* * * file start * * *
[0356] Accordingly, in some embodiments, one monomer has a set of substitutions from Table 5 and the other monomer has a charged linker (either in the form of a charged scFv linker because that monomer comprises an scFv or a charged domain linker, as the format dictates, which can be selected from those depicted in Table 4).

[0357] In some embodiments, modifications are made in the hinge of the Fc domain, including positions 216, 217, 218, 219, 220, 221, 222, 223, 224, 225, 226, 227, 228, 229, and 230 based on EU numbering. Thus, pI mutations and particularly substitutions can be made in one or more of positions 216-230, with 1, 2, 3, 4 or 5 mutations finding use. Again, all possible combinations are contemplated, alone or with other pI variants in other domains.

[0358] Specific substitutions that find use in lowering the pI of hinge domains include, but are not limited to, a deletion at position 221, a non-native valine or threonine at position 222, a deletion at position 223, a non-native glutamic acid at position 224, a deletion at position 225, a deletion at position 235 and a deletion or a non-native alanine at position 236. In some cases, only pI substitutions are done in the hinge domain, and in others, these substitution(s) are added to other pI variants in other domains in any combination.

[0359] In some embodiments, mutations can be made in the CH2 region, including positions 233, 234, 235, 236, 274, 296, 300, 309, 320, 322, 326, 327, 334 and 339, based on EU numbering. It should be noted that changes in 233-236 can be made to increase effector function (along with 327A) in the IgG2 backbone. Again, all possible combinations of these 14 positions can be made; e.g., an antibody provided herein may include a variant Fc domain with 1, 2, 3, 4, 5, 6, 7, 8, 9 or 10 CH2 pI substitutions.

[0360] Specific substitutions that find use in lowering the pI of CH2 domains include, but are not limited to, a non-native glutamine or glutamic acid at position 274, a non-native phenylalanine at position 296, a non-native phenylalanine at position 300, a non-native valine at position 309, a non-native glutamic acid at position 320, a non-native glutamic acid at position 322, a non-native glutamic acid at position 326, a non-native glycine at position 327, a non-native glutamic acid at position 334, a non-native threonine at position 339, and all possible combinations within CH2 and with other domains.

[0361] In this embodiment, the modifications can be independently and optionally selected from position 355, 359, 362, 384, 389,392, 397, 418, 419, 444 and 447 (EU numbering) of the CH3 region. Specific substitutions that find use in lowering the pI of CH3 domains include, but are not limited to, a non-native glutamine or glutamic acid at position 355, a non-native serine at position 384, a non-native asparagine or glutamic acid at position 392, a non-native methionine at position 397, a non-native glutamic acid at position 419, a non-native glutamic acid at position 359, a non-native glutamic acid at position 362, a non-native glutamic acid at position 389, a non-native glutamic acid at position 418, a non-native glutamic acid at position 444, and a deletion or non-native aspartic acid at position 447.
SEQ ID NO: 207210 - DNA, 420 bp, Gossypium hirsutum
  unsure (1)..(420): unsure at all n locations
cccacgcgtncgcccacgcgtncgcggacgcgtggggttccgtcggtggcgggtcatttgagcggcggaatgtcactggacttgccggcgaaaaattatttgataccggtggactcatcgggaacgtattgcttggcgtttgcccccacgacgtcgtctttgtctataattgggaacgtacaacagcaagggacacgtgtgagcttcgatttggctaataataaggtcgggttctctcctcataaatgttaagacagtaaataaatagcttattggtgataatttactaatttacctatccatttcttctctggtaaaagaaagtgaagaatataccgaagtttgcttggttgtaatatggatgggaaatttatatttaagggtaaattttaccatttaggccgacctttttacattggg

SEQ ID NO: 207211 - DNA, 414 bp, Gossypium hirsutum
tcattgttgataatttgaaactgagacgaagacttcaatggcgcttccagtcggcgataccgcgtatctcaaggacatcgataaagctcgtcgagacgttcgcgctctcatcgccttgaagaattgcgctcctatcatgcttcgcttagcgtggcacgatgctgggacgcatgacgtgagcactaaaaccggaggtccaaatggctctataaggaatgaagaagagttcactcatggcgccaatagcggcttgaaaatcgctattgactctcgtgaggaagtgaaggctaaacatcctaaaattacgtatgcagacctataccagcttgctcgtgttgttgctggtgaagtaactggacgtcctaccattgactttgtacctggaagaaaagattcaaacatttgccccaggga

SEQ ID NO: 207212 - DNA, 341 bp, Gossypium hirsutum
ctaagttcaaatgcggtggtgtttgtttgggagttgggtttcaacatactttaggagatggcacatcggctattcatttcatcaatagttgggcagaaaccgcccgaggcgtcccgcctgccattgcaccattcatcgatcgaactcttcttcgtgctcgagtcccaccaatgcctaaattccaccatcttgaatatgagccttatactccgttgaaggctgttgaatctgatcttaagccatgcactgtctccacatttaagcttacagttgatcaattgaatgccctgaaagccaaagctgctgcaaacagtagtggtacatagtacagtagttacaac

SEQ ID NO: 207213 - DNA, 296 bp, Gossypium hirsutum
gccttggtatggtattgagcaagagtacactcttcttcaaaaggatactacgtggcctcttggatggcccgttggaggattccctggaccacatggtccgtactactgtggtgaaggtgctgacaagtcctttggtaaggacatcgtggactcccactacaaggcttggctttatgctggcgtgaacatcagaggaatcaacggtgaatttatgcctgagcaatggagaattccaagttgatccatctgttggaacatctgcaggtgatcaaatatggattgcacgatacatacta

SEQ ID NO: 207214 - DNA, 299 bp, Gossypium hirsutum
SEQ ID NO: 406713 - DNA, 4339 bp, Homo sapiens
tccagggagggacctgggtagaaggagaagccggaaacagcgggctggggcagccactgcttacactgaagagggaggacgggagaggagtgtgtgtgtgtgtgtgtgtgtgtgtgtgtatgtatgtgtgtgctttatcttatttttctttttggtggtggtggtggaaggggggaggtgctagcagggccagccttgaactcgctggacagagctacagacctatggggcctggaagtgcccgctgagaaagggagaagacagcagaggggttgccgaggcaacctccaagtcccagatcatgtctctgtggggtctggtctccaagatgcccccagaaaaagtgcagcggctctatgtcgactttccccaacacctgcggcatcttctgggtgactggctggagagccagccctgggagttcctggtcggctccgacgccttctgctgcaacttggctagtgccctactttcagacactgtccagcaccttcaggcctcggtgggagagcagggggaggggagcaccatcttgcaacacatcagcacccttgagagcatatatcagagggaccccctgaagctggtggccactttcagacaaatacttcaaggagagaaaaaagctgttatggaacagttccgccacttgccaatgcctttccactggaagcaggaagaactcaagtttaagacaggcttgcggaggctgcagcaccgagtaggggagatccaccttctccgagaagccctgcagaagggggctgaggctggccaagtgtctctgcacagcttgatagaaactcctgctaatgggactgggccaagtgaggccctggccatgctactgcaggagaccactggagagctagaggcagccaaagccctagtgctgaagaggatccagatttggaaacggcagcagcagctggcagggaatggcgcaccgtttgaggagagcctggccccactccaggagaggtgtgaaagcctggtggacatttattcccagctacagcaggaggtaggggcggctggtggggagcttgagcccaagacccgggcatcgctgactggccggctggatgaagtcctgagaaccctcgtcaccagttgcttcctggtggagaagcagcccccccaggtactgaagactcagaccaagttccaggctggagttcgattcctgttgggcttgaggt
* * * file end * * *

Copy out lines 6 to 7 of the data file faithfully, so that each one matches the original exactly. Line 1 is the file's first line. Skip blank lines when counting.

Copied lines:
[0361] In this embodiment, the modifications can be independently and optionally selected from position 355, 359, 362, 384, 389,392, 397, 418, 419, 444 and 447 (EU numbering) of the CH3 region. Specific substitutions that find use in lowering the pI of CH3 domains include, but are not limited to, a non-native glutamine or glutamic acid at position 355, a non-native serine at position 384, a non-native asparagine or glutamic acid at position 392, a non-native methionine at position 397, a non-native glutamic acid at position 419, a non-native glutamic acid at position 359, a non-native glutamic acid at position 362, a non-native glutamic acid at position 389, a non-native glutamic acid at position 418, a non-native glutamic acid at position 444, and a deletion or non-native aspartic acid at position 447.
SEQ ID NO: 207210 - DNA, 420 bp, Gossypium hirsutum